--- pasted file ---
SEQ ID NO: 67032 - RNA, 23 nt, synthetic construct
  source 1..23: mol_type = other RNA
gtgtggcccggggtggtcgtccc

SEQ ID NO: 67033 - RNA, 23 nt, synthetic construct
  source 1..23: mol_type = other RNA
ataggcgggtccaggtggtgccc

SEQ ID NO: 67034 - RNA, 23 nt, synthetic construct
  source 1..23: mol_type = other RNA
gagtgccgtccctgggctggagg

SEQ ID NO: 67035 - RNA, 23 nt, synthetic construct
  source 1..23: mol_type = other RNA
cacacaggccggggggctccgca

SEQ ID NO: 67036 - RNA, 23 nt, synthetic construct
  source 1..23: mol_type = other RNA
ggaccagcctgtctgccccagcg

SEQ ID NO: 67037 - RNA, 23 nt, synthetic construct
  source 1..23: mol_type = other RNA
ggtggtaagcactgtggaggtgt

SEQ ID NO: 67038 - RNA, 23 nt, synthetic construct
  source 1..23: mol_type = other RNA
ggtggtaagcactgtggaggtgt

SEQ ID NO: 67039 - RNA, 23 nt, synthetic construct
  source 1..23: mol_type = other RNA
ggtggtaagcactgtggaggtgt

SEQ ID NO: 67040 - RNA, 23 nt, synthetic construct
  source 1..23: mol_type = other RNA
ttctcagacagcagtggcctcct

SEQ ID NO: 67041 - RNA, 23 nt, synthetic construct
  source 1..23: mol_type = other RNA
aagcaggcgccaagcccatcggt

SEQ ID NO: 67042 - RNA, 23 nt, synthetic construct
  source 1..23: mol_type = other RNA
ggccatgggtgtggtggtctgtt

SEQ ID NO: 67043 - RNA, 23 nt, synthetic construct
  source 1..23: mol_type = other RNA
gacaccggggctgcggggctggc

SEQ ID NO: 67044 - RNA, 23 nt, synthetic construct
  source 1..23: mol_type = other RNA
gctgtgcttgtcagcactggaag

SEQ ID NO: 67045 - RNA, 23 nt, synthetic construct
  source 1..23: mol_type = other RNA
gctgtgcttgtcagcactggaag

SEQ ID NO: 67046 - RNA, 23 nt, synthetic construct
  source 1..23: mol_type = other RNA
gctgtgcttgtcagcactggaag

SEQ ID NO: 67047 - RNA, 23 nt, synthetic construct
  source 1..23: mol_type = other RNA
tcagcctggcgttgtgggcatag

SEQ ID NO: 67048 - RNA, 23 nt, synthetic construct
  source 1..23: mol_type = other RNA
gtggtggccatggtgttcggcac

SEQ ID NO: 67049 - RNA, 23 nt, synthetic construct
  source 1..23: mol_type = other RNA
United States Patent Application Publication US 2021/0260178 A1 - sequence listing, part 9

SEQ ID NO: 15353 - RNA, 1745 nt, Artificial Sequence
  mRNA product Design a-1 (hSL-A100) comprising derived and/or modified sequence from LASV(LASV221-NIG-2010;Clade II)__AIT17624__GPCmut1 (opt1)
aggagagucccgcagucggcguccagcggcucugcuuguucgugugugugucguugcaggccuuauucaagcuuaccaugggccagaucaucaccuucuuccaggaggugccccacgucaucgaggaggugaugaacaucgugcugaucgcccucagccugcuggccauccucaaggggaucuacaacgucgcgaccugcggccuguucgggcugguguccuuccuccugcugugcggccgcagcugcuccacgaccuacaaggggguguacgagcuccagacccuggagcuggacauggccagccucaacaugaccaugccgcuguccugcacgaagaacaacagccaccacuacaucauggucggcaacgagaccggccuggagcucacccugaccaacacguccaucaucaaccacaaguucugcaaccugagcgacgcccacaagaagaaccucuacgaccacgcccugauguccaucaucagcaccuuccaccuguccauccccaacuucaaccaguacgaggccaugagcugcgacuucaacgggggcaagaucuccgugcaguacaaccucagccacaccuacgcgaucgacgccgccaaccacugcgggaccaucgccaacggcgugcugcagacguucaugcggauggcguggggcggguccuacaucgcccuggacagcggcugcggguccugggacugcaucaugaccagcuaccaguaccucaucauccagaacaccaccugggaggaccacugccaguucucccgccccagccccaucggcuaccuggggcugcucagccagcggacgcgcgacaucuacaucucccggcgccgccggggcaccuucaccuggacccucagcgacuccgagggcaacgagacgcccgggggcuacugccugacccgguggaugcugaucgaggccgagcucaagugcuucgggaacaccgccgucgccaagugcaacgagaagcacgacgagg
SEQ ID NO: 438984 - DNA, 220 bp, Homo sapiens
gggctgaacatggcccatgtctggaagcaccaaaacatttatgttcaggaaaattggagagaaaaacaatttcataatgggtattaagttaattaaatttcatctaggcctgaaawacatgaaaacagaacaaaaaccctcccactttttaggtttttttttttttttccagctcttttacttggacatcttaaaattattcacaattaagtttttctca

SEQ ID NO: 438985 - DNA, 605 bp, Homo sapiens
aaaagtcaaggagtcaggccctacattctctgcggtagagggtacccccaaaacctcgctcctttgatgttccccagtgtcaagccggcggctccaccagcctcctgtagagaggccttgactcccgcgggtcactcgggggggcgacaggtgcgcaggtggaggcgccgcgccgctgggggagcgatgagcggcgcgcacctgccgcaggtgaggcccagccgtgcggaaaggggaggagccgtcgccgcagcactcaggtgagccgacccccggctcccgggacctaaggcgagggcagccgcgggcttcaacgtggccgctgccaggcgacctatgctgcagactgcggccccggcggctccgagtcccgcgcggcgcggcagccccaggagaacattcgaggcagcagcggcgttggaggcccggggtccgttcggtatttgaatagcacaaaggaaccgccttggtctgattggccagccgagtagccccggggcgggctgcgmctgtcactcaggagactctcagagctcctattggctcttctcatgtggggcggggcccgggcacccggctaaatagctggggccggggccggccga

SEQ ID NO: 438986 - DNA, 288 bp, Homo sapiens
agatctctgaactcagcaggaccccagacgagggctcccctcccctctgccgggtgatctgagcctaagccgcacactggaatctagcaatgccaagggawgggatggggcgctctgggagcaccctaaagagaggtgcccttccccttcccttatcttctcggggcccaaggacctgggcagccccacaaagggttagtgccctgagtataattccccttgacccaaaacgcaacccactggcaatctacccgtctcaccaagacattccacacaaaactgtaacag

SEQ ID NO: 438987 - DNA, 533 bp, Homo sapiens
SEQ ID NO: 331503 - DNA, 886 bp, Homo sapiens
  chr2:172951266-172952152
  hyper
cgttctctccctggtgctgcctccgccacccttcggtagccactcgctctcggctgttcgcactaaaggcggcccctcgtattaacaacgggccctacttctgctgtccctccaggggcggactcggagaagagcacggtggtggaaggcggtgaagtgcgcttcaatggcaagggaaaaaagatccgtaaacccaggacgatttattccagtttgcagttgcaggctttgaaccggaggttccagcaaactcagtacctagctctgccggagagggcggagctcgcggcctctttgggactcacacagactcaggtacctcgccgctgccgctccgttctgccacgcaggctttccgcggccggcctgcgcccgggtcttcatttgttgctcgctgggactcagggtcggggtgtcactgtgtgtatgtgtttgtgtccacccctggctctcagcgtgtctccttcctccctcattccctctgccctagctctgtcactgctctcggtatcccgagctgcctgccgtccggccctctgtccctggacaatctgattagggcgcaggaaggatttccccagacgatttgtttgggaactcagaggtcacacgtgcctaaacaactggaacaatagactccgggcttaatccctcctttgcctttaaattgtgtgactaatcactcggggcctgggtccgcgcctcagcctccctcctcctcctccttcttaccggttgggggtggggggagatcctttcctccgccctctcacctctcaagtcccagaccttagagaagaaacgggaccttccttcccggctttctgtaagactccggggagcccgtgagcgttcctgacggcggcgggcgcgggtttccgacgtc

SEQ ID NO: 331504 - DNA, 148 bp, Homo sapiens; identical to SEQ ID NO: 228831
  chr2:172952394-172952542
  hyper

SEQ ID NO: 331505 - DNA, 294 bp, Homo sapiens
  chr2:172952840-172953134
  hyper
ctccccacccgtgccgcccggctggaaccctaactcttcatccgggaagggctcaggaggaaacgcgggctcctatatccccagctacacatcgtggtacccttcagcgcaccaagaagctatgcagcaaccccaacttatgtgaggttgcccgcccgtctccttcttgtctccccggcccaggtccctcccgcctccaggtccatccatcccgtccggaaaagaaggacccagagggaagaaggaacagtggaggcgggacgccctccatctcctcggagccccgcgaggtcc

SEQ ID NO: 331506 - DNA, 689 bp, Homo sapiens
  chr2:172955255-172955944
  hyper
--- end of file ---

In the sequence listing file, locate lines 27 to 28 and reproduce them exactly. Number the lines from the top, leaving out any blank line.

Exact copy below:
ttctcagacagcagtggcctcct

SEQ ID NO: 67041 - RNA, 23 nt, synthetic construct